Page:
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Any lessons learned from the recent water shortages?

  • 31-01-2010 12:37pm
    #1
    Registered Users Posts: 16,690 ✭✭✭✭ silverharp


    one can only assume its going to happen again or during a hot summer, and given that the system will probably degrade further in the future, will there be push to grey water systems? Should households install larger tanks in the attic? We were lucky in that for different reasons we had an oversized tank installed probably about X3 the normal so we had water even though it didnt refill for more then a week.

    If and when metering comes in, will there be a "smart" element to it, where price could go up during dry spells etc. What I noticed during the week the water was off was that we did actually reduce water consumption, less flushing, shorter showers etc.

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Comments

  • Registered Users Posts: 4,975 ✭✭✭ Chris_5339762


    All I know about an Irish way of water metering, is that it'll be poorly implemented and inferior to the systems in other countries.


  • Registered Users Posts: 3,278 ✭✭✭ dubhthach


    We are still getting water cuts here in Sandymount so I'd say "Current water shortages" as oppose to "Recent ..", as for lessons learnt this is Ireland do you think the councils will learn anything? The fact that Intel had to shut one of their fabs due to contamination from the council spreading urea instead of rock salts says it all.

    Perhaps central government might get the finger out and expedite the replacement of the victorian mains but in current economic climate I wouldn't hold my breath on that.


  • Registered Users Posts: 8,781 ✭✭✭ Carawaystick


    one can only assume its going to happen again or during a hot summer.
    The issue with the current water shortages in Dublin have to do with the water treatment plants not being able to output enough treated water.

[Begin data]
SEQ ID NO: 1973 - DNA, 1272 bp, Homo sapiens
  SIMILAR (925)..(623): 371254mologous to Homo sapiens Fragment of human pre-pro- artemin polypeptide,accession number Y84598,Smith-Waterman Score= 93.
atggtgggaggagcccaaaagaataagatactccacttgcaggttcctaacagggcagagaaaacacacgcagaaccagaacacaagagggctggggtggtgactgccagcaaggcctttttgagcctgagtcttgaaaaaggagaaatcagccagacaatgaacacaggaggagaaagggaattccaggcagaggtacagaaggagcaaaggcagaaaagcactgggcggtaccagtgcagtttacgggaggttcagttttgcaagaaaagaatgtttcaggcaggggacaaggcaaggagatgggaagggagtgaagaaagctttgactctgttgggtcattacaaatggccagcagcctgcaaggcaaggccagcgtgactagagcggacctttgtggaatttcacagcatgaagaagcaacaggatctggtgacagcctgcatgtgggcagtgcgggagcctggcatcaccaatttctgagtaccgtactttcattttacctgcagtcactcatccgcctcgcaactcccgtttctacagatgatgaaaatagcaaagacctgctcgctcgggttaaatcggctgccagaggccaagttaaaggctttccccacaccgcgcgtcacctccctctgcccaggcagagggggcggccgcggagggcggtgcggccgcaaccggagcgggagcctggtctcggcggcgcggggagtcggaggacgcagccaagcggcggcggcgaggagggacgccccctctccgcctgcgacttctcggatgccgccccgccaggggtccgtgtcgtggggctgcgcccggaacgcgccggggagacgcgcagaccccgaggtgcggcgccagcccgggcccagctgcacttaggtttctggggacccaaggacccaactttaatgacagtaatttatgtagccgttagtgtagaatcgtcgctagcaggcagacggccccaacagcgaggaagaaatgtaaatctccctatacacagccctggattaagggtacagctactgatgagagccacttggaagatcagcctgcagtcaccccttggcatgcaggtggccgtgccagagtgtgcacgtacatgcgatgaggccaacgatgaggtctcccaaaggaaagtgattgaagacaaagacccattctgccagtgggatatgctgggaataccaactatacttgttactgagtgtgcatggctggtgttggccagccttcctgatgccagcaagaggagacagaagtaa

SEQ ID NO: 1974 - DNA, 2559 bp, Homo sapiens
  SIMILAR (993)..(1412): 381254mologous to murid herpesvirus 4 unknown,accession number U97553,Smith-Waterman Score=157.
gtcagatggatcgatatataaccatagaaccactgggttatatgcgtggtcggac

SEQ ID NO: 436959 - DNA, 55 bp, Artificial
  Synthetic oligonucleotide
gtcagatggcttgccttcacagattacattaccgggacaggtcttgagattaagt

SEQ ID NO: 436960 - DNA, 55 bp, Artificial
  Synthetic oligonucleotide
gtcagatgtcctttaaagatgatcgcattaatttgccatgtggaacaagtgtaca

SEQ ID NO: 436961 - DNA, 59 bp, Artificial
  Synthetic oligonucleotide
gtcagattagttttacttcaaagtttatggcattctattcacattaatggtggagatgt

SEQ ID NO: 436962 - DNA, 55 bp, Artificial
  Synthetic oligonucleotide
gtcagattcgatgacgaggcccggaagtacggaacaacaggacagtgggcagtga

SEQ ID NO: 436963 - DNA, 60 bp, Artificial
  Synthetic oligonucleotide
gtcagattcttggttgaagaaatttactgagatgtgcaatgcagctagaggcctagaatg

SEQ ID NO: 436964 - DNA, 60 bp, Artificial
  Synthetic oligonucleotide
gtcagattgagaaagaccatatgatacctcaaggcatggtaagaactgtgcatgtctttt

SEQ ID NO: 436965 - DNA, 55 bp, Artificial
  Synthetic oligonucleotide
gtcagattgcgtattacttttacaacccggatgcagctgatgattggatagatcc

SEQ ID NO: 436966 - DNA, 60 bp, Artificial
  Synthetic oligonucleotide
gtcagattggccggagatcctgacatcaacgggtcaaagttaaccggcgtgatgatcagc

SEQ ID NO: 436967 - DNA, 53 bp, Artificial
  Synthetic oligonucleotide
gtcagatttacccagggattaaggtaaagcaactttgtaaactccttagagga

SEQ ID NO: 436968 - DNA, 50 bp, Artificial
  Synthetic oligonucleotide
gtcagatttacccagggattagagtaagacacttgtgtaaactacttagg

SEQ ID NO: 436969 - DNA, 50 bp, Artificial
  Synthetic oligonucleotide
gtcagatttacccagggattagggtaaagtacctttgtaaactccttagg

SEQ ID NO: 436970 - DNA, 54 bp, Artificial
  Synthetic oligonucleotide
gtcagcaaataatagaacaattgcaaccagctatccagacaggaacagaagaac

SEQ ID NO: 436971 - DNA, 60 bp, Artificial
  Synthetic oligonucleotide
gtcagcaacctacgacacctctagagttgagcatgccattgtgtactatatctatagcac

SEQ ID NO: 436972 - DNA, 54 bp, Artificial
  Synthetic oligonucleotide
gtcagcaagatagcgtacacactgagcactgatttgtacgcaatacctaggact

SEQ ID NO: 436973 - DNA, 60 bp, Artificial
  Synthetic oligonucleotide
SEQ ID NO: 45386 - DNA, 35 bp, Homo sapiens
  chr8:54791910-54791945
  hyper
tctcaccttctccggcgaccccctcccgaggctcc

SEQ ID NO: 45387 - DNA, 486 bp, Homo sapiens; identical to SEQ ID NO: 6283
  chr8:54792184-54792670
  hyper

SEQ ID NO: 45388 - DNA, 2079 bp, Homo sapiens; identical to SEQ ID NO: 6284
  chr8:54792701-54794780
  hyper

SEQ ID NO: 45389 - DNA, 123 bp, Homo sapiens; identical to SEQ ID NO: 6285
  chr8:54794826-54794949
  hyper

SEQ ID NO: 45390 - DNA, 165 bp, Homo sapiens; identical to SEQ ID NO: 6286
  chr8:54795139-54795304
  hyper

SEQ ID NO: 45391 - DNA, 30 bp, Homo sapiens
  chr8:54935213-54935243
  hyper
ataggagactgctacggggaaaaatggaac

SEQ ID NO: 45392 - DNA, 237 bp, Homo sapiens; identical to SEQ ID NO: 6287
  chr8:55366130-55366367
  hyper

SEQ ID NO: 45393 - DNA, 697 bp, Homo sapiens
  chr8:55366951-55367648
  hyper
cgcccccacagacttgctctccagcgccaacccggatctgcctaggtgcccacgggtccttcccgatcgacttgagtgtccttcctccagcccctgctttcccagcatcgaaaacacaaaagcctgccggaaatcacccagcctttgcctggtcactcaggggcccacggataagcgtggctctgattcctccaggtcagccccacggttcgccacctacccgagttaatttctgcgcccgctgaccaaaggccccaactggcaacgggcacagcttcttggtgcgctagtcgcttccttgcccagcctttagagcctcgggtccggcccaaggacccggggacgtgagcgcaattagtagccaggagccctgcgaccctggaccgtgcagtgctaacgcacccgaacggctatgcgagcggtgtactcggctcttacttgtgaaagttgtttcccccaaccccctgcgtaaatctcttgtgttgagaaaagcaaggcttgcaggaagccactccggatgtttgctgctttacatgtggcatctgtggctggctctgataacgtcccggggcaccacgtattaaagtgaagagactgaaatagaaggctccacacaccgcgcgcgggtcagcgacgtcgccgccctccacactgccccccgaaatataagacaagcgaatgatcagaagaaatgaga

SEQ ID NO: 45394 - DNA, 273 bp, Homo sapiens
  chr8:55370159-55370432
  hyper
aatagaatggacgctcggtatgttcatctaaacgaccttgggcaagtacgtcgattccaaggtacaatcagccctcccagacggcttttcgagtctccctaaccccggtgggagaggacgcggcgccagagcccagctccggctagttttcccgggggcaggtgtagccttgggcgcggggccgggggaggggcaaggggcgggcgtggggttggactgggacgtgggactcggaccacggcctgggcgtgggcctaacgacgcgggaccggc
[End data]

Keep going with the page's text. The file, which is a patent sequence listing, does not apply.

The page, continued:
A hot summer will not change the demand to much. a sustained dry spell would affect the inputs to the treatment plants - a totally different problem, but one the council workers are throwing into the mix to hide the fact they totally failed to have a secure water supply system. A worker with Fingal Co. Co. claimed the Dublin councils only had a 2% margin over the average daily demand.
    Considering it takes some amount of time to increase the amount of treated water and the same organisations allowed planning permission which is likely to increase demand for treated water, then heads should roll just for this, which was totally within the council's remit. It could be argued that lack of funding for improvements during the boom could be pushed back to central govt, but you'ld get the same buck passing there as in a game of pass the parcel.

    The Fingal engineer from above was also quoted saying 10% of any good system should be replaced each year, implying that water mains have a ten year lifetime..... The same council's taken since the week after Munster last won the Heineken cup to now to install a water Main from the Five Roads to Lissenhall under the r132. I'd be hard pressed to believe they could replace 10% of the water mains in any year or that they would ot use something slightly more durable....


  • Moderators, Home & Garden Moderators, Social & Fun Moderators Posts: 31,250 Mod ✭✭✭✭ dolanbaker


    I think that the key lesson would be, it it's recommended that pipes are laid 50cm (or whatever the depth is) down then put them down that deep!

    The sheer numbers that lost their water for that simple reason alone is shocking.


  • Moderators, Home & Garden Moderators, Social & Fun Moderators Posts: 31,250 Mod ✭✭✭✭ dolanbaker



    The Fingal engineer from above was also quoted saying 10% of any good system should be replaced each year,

    I suspect that he's including the plant in that figure not just the pipes.


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